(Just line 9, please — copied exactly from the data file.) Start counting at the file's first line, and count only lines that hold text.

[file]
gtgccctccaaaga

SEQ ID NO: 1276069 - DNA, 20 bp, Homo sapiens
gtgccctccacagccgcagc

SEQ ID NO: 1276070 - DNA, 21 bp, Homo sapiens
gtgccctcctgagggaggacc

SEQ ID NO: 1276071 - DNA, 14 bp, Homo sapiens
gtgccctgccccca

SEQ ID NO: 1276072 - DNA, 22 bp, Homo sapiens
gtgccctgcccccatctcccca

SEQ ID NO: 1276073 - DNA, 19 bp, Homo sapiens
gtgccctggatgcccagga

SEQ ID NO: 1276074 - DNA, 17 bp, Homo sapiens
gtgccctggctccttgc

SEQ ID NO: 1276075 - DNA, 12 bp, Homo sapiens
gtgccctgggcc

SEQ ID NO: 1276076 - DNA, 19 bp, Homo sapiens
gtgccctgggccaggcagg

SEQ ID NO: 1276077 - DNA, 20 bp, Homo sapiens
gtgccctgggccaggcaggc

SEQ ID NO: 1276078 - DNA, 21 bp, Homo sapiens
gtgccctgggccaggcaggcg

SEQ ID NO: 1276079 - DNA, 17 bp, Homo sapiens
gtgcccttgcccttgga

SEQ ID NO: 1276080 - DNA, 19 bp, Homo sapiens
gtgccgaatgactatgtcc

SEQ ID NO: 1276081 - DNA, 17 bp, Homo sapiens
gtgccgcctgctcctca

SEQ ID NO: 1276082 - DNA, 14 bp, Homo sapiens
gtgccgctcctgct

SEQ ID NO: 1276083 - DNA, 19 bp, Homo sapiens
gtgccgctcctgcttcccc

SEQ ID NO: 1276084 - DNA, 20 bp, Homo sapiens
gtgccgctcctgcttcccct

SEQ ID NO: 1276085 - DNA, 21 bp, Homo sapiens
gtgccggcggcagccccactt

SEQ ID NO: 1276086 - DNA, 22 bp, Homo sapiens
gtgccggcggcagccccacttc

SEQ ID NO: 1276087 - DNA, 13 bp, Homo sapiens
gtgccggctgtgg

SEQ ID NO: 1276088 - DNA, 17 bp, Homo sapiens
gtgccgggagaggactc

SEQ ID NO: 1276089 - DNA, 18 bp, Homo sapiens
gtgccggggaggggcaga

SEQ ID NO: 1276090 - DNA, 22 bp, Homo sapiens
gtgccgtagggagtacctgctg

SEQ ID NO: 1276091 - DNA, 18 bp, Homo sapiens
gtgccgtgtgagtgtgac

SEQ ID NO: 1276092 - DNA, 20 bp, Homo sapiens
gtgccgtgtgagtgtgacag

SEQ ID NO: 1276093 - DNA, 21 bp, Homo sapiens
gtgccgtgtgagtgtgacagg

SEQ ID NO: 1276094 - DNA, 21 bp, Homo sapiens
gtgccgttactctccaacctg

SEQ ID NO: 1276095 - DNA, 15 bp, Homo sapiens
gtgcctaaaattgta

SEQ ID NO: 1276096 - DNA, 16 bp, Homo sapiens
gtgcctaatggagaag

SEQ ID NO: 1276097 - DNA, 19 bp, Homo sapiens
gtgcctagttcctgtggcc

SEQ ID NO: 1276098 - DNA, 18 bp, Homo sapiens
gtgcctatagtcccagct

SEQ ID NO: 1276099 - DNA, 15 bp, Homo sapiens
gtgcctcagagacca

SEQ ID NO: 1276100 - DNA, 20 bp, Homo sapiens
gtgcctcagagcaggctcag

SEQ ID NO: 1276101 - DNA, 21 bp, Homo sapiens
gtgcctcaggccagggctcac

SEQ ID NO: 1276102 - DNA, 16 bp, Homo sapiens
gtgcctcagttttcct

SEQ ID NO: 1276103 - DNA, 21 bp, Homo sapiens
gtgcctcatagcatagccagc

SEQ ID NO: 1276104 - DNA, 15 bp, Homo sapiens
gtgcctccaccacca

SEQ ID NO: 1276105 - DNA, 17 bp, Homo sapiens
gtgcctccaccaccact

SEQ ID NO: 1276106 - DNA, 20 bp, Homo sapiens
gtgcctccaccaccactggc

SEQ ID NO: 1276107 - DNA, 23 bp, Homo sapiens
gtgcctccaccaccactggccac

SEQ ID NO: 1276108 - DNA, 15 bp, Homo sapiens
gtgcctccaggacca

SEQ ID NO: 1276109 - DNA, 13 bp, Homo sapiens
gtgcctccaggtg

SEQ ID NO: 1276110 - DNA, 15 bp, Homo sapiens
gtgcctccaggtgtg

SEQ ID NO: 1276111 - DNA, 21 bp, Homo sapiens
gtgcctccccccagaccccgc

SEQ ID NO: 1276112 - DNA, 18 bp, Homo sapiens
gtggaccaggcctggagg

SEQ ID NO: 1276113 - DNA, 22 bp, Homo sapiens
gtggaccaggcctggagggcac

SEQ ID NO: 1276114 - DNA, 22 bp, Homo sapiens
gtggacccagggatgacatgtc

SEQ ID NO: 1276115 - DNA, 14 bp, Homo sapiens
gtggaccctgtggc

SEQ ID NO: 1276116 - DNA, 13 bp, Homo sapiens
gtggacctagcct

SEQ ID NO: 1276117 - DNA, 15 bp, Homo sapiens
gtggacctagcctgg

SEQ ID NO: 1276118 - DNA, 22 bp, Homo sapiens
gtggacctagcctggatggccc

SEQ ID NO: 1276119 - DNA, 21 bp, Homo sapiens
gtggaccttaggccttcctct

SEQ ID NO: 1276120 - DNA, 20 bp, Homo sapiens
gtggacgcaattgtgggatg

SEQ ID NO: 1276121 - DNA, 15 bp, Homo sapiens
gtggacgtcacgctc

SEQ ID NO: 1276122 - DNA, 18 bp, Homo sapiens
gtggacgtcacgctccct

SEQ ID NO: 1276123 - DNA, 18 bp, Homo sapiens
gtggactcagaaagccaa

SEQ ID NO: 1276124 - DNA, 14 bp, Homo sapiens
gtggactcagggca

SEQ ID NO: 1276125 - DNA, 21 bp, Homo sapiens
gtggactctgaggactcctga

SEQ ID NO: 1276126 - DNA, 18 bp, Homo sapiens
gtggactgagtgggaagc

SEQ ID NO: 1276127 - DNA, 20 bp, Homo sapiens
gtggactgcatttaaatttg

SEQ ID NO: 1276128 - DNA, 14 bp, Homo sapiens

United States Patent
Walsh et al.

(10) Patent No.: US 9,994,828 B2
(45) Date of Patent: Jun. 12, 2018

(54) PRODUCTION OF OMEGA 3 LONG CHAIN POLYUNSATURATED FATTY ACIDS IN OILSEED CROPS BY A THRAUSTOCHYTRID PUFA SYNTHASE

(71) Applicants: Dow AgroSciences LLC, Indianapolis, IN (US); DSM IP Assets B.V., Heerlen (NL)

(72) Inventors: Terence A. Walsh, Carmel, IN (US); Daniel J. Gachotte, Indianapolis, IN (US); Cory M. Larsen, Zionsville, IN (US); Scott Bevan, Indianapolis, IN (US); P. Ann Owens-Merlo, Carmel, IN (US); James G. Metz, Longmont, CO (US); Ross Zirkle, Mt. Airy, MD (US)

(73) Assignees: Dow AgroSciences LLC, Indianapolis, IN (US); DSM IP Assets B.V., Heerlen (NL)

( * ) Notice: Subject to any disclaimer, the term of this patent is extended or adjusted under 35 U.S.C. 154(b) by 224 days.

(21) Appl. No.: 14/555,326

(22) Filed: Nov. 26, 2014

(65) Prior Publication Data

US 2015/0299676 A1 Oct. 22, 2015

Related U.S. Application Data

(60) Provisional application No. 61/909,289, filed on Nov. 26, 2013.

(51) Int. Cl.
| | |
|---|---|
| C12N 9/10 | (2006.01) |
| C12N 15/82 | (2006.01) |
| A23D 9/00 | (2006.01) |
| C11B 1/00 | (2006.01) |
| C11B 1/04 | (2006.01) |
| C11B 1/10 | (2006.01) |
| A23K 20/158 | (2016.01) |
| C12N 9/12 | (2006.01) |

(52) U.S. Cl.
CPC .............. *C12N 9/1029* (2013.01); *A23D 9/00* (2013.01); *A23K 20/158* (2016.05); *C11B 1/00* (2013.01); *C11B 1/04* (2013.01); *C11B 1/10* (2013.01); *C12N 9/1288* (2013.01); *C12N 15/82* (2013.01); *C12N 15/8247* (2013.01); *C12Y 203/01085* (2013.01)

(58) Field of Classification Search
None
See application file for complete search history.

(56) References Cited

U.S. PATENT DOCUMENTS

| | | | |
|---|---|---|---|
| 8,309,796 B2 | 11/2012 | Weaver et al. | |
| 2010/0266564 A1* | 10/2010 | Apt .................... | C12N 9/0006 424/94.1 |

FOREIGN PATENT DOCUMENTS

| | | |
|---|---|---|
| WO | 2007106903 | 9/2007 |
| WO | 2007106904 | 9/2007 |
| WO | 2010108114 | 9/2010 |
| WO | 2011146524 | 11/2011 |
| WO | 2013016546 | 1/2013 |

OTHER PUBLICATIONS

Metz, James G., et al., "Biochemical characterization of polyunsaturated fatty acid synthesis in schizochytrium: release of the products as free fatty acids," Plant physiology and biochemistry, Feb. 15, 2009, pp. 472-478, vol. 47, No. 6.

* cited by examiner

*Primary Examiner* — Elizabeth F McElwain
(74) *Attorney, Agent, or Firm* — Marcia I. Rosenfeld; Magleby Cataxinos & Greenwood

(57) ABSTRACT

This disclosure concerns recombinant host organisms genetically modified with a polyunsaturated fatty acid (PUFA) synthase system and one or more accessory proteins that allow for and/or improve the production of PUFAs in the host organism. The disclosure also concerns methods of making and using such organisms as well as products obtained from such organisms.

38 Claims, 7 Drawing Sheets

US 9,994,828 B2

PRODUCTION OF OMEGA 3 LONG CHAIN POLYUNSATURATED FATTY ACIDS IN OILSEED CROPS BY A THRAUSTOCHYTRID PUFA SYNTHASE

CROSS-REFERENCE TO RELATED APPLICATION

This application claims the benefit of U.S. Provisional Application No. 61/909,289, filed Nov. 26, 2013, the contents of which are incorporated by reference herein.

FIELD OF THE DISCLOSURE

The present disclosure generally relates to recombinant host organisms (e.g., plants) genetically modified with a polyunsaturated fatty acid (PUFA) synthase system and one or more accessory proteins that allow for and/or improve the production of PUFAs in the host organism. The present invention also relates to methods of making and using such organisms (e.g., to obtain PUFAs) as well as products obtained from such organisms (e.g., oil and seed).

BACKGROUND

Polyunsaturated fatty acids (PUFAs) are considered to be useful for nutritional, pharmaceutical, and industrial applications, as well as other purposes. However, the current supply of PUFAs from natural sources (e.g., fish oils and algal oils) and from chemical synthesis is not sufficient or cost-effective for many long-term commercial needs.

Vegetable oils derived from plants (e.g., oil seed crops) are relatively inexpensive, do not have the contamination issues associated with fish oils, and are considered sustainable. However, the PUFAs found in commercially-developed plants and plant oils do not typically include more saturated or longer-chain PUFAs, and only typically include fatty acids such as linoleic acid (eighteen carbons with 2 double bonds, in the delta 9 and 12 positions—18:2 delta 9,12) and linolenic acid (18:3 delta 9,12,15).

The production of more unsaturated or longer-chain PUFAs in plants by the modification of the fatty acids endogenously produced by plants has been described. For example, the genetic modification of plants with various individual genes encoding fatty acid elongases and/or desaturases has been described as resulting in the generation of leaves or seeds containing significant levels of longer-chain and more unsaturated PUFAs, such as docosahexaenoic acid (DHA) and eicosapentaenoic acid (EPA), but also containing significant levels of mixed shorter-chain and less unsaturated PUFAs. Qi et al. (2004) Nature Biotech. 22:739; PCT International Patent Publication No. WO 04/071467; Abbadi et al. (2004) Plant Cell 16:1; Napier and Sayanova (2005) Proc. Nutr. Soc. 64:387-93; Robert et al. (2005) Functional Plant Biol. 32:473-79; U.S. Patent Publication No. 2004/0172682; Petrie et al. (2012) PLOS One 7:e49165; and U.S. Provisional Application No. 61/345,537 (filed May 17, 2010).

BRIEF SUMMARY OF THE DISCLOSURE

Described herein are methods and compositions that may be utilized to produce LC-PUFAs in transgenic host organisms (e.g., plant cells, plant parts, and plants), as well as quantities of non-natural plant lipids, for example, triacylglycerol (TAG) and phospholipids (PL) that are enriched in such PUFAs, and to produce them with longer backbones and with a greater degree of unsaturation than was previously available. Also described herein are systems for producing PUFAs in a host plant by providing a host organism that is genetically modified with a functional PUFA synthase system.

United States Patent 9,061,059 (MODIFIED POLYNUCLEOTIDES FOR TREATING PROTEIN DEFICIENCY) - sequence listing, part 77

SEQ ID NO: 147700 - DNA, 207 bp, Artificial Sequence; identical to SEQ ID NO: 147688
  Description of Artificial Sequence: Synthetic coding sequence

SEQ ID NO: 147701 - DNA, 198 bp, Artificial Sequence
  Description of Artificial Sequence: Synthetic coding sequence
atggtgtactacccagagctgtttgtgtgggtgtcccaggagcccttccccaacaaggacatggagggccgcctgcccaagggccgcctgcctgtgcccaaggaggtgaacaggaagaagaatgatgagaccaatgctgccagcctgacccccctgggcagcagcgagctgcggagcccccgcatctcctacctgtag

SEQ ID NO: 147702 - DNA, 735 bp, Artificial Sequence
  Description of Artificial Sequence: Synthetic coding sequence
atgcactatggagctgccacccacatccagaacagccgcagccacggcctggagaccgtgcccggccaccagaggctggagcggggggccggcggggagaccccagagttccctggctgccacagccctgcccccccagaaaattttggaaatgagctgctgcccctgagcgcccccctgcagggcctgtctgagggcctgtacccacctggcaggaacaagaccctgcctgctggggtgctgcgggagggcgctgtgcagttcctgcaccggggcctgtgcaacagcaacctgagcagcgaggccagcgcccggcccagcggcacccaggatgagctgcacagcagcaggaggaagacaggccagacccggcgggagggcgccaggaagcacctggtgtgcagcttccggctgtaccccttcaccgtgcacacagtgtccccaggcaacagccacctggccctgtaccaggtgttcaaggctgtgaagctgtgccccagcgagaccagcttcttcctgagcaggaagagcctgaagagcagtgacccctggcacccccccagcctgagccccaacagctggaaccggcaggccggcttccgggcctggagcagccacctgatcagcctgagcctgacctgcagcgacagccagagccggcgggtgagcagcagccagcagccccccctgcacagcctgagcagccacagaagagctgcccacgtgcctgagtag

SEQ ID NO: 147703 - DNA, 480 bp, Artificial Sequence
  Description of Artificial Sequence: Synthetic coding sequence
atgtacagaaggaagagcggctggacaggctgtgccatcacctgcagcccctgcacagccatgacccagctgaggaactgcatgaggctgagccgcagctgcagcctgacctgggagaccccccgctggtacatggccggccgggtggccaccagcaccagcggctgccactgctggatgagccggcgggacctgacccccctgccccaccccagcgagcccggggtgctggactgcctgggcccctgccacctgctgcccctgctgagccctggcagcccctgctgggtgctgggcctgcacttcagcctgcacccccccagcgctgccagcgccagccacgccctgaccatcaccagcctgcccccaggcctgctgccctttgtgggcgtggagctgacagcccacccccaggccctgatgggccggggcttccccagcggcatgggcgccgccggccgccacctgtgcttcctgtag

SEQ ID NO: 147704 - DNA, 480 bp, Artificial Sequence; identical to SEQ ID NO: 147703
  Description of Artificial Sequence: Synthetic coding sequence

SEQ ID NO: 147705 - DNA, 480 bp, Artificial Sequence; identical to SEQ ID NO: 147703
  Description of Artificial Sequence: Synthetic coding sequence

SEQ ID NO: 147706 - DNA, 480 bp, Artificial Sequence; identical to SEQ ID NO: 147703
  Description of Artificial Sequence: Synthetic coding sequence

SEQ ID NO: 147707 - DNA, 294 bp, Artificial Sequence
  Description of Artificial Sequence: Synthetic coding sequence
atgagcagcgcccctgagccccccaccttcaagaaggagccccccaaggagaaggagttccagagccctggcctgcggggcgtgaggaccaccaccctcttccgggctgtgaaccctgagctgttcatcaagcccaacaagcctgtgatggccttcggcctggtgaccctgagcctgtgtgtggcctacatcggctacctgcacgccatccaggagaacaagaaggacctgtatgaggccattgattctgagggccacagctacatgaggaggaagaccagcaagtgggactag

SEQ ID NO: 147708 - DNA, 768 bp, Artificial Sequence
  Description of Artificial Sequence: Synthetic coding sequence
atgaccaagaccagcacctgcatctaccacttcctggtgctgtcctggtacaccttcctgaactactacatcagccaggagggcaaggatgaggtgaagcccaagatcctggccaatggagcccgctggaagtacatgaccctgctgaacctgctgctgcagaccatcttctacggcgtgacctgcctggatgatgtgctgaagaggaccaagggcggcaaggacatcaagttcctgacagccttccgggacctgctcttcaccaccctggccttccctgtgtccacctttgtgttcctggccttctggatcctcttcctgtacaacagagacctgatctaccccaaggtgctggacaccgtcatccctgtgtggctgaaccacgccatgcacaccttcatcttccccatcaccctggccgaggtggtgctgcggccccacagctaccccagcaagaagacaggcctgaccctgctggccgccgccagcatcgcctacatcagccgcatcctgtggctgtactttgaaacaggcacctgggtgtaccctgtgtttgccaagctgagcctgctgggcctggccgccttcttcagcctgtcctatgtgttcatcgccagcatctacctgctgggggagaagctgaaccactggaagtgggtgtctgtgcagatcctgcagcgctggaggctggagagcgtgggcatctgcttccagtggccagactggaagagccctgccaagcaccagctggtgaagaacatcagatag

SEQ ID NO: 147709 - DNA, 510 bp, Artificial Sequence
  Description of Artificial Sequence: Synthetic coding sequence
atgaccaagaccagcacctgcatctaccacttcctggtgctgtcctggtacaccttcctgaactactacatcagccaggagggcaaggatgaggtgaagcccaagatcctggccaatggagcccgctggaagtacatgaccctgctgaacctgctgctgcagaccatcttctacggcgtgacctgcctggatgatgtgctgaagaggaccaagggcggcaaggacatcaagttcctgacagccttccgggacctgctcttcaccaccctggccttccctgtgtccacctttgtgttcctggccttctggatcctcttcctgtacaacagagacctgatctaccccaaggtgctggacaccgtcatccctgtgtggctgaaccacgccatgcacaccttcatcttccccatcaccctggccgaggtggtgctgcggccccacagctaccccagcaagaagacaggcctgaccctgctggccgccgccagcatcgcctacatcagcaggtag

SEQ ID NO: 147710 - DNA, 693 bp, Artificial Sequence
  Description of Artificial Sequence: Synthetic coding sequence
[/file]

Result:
gtgccctgcccccatctcccca